Split-top buns without a special pan?

DH and I were going through photos of our trip to Portland, ME a couple of summers ago, and it got me craving lobster rolls on split top buns. I prefer these 1000-fold to regular buns - being able to butter and toast the sides just elevates any sandwich to another level.

Anyway, I have seen the special pan offered by KAF and others for making these, but I can’t help but think it’s unnecessary. All the pan does is slightly indent the bottom of your bread so you know where to slice to create individual buns, and I can figure that out myself with a ruler! It seems like any pan of the right depth and dimensions would work, or even a sheet pan if you were willing to trim the edges and put up with some variation in the thickness of the bread. Has anyone made these, and if so, do you use the special pan or rig up your own solution?

I would think you could use any loaf pan and get a similar result.

I’ve never made them, but I would guess that a longitudinal slice with a sharp lame/knife would give you a similar split or indent.

As I ponder this, I don’t think a loaf pan is the correct vessel unless you wanted REALLY tall rolls. I think an 8x8x2 brownie pan might work well. I am imagining [and just thinking out loud here] that you would divide your dough into 8 parts, form them into skinny batards after the first rise, place them in the pan, side by side, and let proof for the second rise. Before baking, using a lame or knife to create the split cutting down about 1/2". Not sure if an egg wash would be a good or bad thing. Bake until done, pull apart, open the roll after slicing, and enjoy.

Yes, I think you need something that is the right width, I think - 8" is somewhat long for a split-top hot dog bun but I’d say it’s the closest thing most people would have in their regular arsenal. I would guess you’d only want to do 5-6 buns, though, not 8 - I think they’d be way too skinny if you tried to fit 8 in an 8" pan! A 9x13 might work too - you could probably cut off a 2" wide strip from the long side and create two buns from that, then cut the rest crosswise.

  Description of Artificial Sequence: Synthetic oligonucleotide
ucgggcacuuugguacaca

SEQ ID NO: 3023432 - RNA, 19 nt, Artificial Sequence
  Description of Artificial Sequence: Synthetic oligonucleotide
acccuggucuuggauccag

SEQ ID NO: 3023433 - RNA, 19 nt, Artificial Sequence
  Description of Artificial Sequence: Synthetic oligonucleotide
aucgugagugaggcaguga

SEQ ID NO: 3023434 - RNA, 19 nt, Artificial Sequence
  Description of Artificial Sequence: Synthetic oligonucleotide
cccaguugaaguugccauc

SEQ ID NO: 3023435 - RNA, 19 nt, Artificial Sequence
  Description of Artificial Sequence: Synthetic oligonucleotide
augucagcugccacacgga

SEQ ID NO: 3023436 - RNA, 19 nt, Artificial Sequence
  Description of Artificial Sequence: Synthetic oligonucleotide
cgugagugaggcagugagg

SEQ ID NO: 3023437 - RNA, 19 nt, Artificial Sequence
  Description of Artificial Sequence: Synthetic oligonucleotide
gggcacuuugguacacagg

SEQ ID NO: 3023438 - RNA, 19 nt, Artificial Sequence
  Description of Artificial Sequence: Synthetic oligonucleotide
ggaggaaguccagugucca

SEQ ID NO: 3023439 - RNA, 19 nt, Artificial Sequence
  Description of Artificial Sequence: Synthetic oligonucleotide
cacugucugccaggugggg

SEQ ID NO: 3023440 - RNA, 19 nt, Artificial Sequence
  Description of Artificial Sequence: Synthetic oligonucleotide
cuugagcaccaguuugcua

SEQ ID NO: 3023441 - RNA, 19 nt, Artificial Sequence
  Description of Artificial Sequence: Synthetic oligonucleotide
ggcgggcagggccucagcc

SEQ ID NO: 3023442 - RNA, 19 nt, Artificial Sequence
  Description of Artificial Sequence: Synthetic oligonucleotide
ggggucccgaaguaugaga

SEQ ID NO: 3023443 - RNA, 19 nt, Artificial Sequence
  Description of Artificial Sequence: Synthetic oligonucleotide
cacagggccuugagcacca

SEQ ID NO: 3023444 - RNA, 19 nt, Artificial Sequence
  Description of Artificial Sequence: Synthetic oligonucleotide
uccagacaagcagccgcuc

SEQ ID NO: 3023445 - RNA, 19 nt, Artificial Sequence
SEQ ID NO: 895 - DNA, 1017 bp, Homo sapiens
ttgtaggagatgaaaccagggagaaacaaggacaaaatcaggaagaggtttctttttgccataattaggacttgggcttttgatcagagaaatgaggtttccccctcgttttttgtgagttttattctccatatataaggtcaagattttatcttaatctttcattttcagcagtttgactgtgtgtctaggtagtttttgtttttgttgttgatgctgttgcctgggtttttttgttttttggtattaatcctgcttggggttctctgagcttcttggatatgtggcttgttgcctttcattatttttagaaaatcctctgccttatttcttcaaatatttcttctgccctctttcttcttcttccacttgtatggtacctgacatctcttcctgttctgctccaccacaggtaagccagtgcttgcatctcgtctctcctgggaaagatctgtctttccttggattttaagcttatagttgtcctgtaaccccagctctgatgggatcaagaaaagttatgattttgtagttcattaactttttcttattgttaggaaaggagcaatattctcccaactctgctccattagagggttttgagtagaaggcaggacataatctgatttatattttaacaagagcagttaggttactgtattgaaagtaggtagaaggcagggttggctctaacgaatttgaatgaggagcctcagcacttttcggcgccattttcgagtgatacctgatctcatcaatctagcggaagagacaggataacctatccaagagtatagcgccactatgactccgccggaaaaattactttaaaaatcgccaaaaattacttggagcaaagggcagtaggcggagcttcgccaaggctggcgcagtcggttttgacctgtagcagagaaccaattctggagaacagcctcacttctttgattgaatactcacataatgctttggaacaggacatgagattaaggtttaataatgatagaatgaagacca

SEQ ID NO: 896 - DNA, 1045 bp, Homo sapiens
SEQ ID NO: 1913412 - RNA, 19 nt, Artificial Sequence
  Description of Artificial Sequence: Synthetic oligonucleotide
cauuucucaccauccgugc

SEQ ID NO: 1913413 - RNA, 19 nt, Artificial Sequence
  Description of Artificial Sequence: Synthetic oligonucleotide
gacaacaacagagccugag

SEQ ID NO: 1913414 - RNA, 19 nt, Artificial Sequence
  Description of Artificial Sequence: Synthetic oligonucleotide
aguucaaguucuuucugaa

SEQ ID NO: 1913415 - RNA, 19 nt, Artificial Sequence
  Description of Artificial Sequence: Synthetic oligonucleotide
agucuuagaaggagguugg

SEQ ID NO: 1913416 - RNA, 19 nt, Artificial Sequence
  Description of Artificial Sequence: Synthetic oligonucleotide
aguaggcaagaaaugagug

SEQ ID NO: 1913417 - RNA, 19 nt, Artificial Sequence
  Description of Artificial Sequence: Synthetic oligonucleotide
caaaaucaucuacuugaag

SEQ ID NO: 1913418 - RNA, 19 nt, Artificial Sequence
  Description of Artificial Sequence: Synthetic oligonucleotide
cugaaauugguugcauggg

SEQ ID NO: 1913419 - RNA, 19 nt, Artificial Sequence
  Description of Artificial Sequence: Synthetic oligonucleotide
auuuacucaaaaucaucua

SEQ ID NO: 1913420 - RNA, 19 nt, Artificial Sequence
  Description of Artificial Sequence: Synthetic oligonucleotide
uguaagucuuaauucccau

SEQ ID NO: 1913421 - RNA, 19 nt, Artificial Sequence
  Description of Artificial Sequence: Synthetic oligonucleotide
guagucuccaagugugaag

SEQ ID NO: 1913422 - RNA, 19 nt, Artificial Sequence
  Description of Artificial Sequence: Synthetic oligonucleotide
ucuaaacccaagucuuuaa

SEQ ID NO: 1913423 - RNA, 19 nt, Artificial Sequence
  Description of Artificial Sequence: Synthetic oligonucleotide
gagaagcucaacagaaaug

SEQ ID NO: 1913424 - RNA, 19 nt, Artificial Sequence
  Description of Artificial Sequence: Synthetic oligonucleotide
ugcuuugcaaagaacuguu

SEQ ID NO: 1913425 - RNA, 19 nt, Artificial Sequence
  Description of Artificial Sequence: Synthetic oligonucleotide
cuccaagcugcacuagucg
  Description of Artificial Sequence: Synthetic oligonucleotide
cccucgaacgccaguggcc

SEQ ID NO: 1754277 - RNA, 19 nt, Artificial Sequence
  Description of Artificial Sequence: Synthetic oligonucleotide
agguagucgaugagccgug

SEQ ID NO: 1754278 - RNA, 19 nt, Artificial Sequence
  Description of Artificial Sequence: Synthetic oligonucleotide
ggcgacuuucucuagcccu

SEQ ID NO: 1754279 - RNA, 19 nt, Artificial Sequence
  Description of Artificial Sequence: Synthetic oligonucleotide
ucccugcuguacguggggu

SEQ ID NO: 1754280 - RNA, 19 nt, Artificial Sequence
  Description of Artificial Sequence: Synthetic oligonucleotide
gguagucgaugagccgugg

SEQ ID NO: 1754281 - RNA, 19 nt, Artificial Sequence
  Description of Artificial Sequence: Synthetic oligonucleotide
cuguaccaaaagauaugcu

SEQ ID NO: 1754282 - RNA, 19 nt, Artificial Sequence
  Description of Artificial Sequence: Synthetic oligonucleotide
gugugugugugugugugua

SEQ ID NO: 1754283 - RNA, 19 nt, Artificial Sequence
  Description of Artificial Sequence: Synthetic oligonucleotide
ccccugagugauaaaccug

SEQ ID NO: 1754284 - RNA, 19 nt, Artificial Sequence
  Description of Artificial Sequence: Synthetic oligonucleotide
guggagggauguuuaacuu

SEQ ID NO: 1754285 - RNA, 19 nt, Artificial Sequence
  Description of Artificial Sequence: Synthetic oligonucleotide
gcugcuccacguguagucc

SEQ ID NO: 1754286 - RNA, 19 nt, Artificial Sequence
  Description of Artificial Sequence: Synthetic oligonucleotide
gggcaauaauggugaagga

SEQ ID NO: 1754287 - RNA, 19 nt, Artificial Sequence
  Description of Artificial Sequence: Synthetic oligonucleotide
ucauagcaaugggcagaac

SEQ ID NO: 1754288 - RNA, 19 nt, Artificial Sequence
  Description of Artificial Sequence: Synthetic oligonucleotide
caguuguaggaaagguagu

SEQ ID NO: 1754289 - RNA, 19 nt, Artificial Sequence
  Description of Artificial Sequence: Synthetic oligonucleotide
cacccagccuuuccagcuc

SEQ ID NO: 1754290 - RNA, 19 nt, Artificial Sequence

Agreed - it probably isn’t the ideal vessel, though I’m not sure it would result in very tall rolls (unless you put in a lot of dough) as the pan size isn’t the major dictator of height.

Anyway - I do think a brownie pan (or the like) might be a better option dimension wise as you said.

Size hot dog buns also don’t really have a “crust” - you could probably search the grocery for a tinfoil/aluminum pan that was as close to what you wanted and fold/bend/adjust it to the appropriate size too. (or you could just make a foil “block” to put on one side of your brownie pan to adjust the dimensions as well).

It will take a little experimenting but you definitely shouldn’t need a dedicated pan for these.

You are correct that the height of the pan doesn’t determine the height of the buns, however, when the sides are too tall for the dough, my experience is that the dough steams as much as it bakes which changes the texture of the resulting baked bread. I might just have to do some experiments! This whole discussion has made me extremely curious.

Maybe one would just have to buy longer dogs or sausages? :slight_smile:

Interestingly enough, the special pan that KAF sells and the recipe that goes with it suggest that you should place a cookie sheet on top of the pan/dough before putting it in the oven, to control ovenspring and create the correct shape for the buns. Makes sense for the shape, but as you said the steam could be a factor in texture (negative or positive, I suppose). I would assume their recipe was designed for their pan both in quantity and texture…

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Making noodles. Phongdien Town, Cantho City, Southern Vietnam.
Credit: CiaoHo